What should we continue to do? Provide support as needed to the Kurds and any of our allies who decide they want to stay and sweep up ISIS remainders. We can do that from Iraq. Iraq we need to keep a presence in. There we have responsibilities that are not complete. We can help form a blocking force from Iraq and let the Syrians of all factions deal with the remains of ISIS as fits their local custom. We should have no problem striking the odd ISIS target if it pleases us, but that is about it.

What about the Russians? Russia has a long standing interest in Syria – even pre-dating the Soviet Union. Let them have their naval base. Not our business.

What about the Turks? We should make it clear that they should not be in the business of snatching land in Syria like Russia is in Ukraine. If they do, warn. If that doesn’t work – if we haven’t on the sly done it already – pull our NATO nukes out of the country. If that doesn’t work – kick them out of NATO. Between the direction they are going politically internally – they no longer seem interested in being Western anyway.

I would offer this to those who think the above is bunk; tell me why we need to stay in Syria until the crack of doom? What direct national interest does that serve? Is that worth the expenditure of blood, treasure, and creating the conditions for some damn stupid think to happen between USA and Russian or Turkish forces?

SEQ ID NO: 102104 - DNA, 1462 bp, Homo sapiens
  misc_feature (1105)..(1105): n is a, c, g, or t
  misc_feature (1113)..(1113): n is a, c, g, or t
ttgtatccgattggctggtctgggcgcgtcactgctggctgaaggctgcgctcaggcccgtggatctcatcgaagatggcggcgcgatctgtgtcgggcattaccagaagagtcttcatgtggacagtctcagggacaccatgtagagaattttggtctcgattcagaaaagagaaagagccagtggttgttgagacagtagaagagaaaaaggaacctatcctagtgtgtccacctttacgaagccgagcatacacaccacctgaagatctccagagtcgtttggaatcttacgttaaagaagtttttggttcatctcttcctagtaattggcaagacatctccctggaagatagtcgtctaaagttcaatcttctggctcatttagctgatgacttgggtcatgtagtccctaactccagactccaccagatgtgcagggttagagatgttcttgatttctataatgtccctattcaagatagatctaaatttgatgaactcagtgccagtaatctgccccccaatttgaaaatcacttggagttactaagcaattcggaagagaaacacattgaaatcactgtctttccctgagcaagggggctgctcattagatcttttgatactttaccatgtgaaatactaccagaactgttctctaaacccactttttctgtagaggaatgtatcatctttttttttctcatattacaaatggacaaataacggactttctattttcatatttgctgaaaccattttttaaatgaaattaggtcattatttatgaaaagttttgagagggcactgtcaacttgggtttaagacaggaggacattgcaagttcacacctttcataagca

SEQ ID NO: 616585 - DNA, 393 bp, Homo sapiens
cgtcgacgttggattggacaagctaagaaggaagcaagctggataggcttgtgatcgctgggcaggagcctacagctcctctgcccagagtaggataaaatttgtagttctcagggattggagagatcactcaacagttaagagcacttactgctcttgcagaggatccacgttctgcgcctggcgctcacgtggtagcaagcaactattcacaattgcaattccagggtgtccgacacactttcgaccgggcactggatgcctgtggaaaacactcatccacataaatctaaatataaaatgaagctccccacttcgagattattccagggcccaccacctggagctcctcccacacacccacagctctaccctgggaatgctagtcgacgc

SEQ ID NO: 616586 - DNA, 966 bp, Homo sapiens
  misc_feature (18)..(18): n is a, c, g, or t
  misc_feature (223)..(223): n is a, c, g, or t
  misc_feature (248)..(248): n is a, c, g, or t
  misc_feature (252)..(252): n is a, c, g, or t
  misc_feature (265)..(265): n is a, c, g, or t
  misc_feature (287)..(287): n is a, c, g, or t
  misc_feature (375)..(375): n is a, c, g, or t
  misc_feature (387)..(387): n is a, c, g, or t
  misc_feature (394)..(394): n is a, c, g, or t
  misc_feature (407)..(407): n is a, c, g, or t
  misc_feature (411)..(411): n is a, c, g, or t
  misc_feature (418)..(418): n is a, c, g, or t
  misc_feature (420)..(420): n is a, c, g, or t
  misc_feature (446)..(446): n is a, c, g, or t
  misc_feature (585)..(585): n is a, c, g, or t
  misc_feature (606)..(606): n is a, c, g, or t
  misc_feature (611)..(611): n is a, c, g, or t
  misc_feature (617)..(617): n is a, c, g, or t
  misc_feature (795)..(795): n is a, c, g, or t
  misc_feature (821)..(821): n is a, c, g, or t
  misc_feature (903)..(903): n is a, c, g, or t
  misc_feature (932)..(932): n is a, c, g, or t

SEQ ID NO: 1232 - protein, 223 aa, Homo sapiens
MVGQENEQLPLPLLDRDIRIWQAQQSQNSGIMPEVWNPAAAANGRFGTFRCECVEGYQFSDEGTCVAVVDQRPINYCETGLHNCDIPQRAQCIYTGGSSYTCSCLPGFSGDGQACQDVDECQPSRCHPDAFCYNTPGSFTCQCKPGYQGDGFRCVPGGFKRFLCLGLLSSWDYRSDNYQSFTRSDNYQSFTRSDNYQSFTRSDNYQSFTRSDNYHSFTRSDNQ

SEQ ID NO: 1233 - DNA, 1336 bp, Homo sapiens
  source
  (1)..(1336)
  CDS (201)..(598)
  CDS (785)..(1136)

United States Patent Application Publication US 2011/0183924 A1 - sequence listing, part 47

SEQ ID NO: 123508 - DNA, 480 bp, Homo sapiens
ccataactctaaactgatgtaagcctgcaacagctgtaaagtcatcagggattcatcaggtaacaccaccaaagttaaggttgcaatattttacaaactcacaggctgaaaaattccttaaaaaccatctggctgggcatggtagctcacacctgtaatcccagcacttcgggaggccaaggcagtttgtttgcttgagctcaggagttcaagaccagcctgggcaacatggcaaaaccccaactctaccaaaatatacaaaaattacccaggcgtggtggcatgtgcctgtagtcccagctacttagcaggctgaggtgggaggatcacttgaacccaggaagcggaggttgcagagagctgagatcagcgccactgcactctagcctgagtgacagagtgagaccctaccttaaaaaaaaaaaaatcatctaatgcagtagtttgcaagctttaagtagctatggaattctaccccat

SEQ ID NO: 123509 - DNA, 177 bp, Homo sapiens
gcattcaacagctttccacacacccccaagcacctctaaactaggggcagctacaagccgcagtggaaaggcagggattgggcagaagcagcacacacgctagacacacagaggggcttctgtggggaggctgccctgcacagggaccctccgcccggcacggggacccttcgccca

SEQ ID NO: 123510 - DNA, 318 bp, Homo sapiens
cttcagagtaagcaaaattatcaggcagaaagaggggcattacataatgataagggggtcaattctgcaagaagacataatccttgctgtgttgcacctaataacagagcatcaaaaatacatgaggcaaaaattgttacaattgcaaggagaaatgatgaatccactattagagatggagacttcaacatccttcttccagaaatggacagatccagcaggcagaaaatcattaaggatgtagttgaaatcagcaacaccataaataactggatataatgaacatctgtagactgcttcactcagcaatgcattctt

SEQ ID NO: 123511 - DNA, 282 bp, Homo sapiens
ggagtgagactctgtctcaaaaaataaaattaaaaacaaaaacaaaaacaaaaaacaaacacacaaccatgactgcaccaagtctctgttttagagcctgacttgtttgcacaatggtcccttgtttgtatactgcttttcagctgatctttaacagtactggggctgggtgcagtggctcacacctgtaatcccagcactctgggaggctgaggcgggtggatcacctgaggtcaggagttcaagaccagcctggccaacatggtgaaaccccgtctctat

To what end? For what gain?

If Syria’s civil war is of such importance, then let those who will be most impacted by it – the Europeans – take care of what is in their back yard. They French have a good start, let others join them. If none do, then perhaps it is not the threat some here make it out to be.

We are a republic, not an empire.

What did a great man say?
The great rule of conduct for us in regard to foreign nations is in extending our commercial relations, to have with them as little political connection as possible. So far as we have already formed engagements, let them be fulfilled with perfect good faith. Here let us stop. Europe has a set of primary interests which to us have none; or a very remote relation. Hence she must be engaged in frequent controversies, the causes of which are essentially foreign to our concerns. Hence, therefore, it must be unwise in us to implicate ourselves by artificial ties in the ordinary vicissitudes of her politics, or the ordinary combinations and collisions of her friendships or enmities.

Our detached and distant situation invites and enables us to pursue a different course. If we remain one people under an efficient government. the period is not far off when we may defy material injury from external annoyance; when we may take such an attitude as will cause the neutrality we may at any time resolve upon to be scrupulously respected; when belligerent nations, under the impossibility of making acquisitions upon us, will not lightly hazard the giving us provocation; when we may choose peace or war, as our interest, guided by justice, shall counsel.

Why forego the advantages of so peculiar a situation? Why quit our own to stand upon foreign ground? Why, by interweaving our destiny with that of any part of Europe, entangle our peace and prosperity in the toils of European ambition, rivalship, interest, humor or caprice?
We have done enough. It has been a good punitive expedition. Should the Islamic State raise another Caliphate there or elsewhere, and then let us talk again if it warrants action on our part in conjunction with other. Let us not now make a decision to establish yet another garrison which, at the end of this century, our great grandchildren will be asked to defend.

Update: It appears that SECDEF Mattis will be leaving in February of 2019. History will tell us if this was the last straw. Perhaps it was. I will miss Mattis.